7:28 a.m. - In men's college basketball, N.C. State's game against Georgia Tech has been postponed because of COVID-19 issues. A person within N.C. state's basketball program has tested positive for the coronavirus. The game was scheduled for Saturday. – Celeste Gracia, WUNC

Jan. 14, 2021

6:20 p.m. - The North Carolina Department of Public Safety is planning to begin COVID-19 vaccinations for prison staff and inmates over the age of 65 when supplies become available. Department Deputy Secretary Tim Moose said there are still many unknowns when it comes to federal distribution of vaccines to prisons. He says the state does not know how many doses will be shipped to prisons, or when.

"We don't have what you would call a vaccination plan per se because we can't plan for what we can't predict, instead we have the framework, a structure that's lean and flexible," said Moose.

The Department of Public Safety is planning to use four prisons across the state as hubs to receive the vaccines and then ship doses out to other facilities. The agency is prepared to vaccinate more than 800 staffers who qualify in the first group and have requested a vaccine. Prison staff and inmates have been surveyed to gauge their eligibility and interest in being vaccinated. - Liz Schlemmer, WUNC 

6:10 p.m. - The city of Greensboro is limiting the operating hours of some city offices to decrease the risk of spreading COVID-19. Some city facilities will now be open only from 10 a.m. - 3 p.m. In a press release, city officials said this is to reduce COVID-19 exposure for city workers and residents. The state health department has labeled Guilford County red for critical community spread of the virus. - Liz Schlemmer, WUNC

6 p.m. - The city of Raleigh will hold a COVID-19 memorial next Tuesday evening to honor the lives of those who died in the pandemic. The city will illuminate several downtown buildings in amber, which is the designated COVID-19 memorial color. The event is in conjunction with other memorials organized by the National League of Cities. Residents are invited to join by lighting candles at home and taking time to pray or reflect. - Liz Schlemmer, WUNC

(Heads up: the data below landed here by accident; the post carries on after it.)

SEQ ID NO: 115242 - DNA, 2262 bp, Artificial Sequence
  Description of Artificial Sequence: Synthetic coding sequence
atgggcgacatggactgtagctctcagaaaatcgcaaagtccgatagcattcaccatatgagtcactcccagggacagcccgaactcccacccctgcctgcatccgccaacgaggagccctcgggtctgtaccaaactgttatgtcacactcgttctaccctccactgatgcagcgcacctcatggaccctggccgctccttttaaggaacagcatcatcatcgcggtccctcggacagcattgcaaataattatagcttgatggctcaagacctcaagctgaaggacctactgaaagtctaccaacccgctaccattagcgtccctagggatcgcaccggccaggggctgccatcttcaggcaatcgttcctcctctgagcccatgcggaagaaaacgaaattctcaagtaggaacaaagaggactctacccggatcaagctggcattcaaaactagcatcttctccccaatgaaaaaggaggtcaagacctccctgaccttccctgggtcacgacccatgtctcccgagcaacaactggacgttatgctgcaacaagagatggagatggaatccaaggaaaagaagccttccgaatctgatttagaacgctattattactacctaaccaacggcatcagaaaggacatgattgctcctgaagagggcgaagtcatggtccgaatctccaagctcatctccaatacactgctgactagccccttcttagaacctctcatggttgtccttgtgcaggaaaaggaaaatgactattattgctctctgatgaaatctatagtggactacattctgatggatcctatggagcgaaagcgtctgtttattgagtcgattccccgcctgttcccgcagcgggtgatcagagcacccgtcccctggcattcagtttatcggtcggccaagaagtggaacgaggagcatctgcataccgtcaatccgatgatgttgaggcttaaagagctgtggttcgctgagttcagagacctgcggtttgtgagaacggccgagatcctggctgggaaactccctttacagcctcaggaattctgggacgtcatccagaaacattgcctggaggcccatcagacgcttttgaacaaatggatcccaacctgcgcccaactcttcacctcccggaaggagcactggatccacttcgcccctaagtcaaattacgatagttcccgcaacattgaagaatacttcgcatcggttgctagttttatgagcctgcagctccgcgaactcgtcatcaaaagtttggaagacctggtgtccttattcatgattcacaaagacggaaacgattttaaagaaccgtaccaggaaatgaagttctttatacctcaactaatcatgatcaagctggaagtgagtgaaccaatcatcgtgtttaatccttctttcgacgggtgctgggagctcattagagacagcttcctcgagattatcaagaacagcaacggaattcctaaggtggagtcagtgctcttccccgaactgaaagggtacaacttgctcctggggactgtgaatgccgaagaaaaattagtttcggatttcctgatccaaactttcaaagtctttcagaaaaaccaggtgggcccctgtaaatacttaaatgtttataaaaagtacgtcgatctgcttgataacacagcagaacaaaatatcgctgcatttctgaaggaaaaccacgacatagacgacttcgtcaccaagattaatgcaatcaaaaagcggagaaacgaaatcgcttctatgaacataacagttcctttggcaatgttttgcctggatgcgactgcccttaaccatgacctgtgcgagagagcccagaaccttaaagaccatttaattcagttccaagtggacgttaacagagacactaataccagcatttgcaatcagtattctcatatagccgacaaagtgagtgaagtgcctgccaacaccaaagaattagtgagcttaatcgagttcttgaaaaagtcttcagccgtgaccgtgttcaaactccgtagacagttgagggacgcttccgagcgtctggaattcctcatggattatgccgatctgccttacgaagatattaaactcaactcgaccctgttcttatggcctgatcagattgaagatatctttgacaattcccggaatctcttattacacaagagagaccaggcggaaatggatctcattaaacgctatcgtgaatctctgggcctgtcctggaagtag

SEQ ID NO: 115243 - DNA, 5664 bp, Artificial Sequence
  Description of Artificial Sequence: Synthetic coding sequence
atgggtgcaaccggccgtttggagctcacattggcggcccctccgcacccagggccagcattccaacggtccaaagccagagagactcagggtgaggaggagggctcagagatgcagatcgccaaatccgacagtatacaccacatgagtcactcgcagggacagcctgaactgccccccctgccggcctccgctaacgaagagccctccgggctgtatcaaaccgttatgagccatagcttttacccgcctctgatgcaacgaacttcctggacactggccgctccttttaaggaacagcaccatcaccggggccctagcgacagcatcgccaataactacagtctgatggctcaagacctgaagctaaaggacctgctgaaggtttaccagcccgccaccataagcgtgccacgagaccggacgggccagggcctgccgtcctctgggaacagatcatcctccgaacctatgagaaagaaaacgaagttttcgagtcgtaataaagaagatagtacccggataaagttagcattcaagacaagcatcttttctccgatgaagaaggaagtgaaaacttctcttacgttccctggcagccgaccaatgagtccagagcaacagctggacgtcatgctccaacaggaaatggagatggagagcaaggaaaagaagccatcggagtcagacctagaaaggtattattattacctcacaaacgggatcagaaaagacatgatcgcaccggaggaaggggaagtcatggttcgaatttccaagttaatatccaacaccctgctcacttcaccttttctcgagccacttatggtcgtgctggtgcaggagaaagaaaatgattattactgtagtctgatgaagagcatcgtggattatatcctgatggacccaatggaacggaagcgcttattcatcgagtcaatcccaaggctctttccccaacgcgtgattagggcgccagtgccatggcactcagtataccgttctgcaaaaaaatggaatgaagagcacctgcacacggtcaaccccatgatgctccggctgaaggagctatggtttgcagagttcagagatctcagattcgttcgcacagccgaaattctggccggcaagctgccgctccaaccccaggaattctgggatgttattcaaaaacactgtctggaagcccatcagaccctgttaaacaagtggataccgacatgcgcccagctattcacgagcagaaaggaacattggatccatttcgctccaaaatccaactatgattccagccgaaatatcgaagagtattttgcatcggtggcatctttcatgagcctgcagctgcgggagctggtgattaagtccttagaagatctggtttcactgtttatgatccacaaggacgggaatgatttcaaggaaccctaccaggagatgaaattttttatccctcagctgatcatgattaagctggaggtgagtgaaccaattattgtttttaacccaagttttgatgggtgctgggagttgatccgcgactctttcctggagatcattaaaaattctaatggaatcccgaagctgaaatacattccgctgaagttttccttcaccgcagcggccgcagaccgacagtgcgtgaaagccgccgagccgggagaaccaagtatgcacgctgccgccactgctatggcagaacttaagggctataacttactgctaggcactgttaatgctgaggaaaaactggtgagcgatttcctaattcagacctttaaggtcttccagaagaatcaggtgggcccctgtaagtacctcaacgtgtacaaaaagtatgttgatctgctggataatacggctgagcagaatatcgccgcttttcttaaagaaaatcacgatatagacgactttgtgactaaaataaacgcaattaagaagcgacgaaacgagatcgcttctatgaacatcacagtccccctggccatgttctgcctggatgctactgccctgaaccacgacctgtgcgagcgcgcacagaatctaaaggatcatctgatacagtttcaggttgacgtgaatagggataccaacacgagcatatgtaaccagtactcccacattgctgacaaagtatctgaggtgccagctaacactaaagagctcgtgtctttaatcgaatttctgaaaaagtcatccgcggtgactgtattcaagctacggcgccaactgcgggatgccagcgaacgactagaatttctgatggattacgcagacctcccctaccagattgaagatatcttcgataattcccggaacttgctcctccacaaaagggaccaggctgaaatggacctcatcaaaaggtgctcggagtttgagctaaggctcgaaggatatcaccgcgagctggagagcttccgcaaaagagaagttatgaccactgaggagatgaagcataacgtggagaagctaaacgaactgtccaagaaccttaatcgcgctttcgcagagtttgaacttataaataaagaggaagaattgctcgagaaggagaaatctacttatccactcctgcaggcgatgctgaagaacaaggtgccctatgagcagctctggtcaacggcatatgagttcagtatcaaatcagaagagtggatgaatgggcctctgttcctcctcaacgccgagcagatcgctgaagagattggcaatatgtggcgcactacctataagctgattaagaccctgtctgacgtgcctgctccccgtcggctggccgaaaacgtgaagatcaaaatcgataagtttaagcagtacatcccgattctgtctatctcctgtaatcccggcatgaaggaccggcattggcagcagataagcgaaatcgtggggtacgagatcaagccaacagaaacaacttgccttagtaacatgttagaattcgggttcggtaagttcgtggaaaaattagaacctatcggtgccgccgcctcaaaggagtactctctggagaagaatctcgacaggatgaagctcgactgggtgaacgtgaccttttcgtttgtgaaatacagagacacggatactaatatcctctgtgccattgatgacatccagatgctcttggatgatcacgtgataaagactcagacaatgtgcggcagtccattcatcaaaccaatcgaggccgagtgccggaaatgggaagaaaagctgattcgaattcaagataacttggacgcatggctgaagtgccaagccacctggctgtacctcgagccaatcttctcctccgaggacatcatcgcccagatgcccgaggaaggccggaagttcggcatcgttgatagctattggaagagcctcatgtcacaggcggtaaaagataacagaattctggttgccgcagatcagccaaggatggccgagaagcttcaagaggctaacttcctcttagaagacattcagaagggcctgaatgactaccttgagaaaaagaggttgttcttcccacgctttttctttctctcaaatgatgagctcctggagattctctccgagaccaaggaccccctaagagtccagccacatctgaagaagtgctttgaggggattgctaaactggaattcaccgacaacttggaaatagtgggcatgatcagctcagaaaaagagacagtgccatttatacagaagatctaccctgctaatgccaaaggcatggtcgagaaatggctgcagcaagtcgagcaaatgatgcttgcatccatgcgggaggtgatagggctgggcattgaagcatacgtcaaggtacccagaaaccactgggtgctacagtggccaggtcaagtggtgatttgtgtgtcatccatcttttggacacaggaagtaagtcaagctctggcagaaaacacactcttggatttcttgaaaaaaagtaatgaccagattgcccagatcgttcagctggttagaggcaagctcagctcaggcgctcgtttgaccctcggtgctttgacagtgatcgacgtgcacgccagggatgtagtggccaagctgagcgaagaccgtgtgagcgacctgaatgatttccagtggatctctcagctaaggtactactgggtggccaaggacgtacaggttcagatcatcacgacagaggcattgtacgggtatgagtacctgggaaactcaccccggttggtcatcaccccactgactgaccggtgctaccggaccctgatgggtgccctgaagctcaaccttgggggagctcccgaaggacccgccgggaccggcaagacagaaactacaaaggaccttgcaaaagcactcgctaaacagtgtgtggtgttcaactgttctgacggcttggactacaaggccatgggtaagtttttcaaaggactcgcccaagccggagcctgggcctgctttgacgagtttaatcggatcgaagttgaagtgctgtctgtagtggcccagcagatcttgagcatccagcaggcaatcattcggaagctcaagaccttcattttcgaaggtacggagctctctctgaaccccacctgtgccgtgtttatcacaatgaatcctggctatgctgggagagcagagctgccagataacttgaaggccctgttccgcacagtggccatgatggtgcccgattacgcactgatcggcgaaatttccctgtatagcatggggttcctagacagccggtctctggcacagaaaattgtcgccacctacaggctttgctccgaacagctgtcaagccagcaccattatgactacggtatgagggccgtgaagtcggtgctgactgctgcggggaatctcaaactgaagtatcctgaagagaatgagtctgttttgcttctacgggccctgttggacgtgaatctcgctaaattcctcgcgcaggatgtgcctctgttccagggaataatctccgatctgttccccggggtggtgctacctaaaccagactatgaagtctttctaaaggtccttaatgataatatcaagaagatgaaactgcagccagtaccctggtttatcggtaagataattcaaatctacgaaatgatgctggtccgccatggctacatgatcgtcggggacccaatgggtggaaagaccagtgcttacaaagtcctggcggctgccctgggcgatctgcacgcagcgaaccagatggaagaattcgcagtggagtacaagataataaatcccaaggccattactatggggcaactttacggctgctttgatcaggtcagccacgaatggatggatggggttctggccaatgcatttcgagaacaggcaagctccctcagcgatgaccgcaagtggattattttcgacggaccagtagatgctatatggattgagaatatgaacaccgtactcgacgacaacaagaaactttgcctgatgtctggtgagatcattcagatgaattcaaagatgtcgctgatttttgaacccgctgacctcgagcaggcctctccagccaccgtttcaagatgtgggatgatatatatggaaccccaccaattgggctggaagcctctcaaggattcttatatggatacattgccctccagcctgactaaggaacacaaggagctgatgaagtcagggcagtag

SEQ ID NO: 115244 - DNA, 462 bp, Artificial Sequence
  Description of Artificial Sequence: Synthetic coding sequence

3:30 p.m. - North Carolina health officials announced a significant revamp of the state vaccine rollout plan today. 

Credit NCDHHS

State Health Secretary Dr. Mandy Cohen says the new plan is an effort to simplify vaccine distribution and implementation. There are now five main categories for vaccinations:

  1. Health care workers and long-term care staff and residents
  2. Adults 65 and older
  3. Frontline essential workers
  4. Adults at high risk for exposure and increased risk of severe illness
  5. Everyone remaining

The new state plan no longer prioritizes college students above the general population. Cohen said the changes incorporate recent directives from the Trump Administration to administer vaccinations more quickly while focusing on people who need it most. She said the new plan is intended to give local health departments and hospitals more flexibility to "move to the next priority group as they complete the previous one." - Laura Pellicer and Will Michaels, WUNC

12:55 p.m. - The North Carolina Department of Health and Humans Services has announced that vaccine providers who are ready may begin giving COVID-19 vaccines to adults age 65 years and older. Previously, providers were administering vaccines to frontline healthcare workers and adults age 75 and older. This change will bring the state in line with new federal guidelines. – Liz Schlemmer, WUNC

12:04 p.m. - The State Department of Health and Human Services is reporting almost 4,000 COVID-19 hospitalizations; a new record high in North Carolina since the start of the pandemic. Over the past week, about 13.6% of coronavirus tests have come back positive. – Celeste Gracia, WUNC

11:56 a.m. - North Carolina Supreme Court Chief Justice Paul Newby is issuing new COVID-19 orders for courts. In the order, Newby is allowing several previous directives from Former Chief Justice Cheri Beasley to expire. He says these issues are best decided at the local level. Courts can now resume jury trials without first submitting a plan to the state. They also don't have to discourage court visits or in person filings. Other orders have been modified, including mask requirements. Presiding judicial officials can now to order someone to remove their mask during trials or proceedings. – Celeste Gracia, WUNC

10:53 a.m. - Western Carolina University will now begin the spring semester with remote instruction. The university announced on its website Wednesday that all classes will be remote until Feb. 15. The chancellor said the decision was made due to the pandemic's strain on the healthcare system and a projected local peak in cases in the next two to three weeks. – Liz Schlemmer, WUNC

10:44 a.m. – N.C. State University has reported a cluster of COVID-19 cases associated with its athletics department. The school made the announcement on its website Wednesday. The website did not say how many people tested positive, but a “cluster” is defined as five or more cases in close proximity. The Wolfpack’s No. 3-ranked women’s basketball team hasn’t played since Jan. 3 and recently announced the postponement of its game against Louisville set for Sunday. – Liz Schlemmer and Mitchell Northam, WUNC